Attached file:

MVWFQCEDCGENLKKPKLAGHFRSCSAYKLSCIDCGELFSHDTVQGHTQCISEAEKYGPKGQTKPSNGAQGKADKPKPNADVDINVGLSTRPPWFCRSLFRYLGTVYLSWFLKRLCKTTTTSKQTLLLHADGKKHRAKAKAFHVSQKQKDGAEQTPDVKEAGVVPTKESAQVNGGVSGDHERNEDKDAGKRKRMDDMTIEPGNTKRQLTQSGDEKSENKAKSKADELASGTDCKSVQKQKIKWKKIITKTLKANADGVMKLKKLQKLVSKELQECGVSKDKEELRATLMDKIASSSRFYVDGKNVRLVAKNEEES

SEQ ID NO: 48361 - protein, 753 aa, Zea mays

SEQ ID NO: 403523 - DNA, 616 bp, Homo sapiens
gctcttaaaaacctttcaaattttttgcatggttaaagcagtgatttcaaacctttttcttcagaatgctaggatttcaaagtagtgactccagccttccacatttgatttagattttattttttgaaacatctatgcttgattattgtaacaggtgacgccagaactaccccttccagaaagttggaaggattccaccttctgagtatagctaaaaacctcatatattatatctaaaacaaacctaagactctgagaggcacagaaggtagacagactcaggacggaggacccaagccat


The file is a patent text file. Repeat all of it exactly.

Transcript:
MVWFQCEDCGENLKKPKLAGHFRSCSAYKLSCIDCGELFSHDTVQGHTQCISEAEKYGPKGQTKPSNGAQGKADKPKPNADVDINVGLSTRPPWFCRSLFRYLGTVYLSWFLKRLCKTTTTSKQTLLLHADGKKHRAKAKAFHVSQKQKDGAEQTPDVKEAGVVPTKESAQVNGGVSGDHERNEDKDAGKRKRMDDMTIEPGNTKRQLTQSGDEKSENKAKSKADELASGTDCKSVQKQKIKWKKIITKTLKANADGVMKLKKLQKLVSKELQECGVSKDKEELRATLMDKIASSSRFYVDGKNVRLVAKNEEES

SEQ ID NO: 48361 - protein, 753 aa, Zea mays

SEQ ID NO: 403523 - DNA, 616 bp, Homo sapiens
gctcttaaaaacctttcaaattttttgcatggttaaagcagtgatttcaaacctttttcttcagaatgctaggatttcaaagtagtgactccagccttccacatttgatttagattttattttttgaaacatctatgcttgattattgtaacaggtgacgccagaactaccccttccagaaagttggaaggattccaccttctgagtatagctaaaaacctcatatattatatctaaaacaaacctaagactctgagaggcacagaaggtagacagactcaggacggaggacccaagccat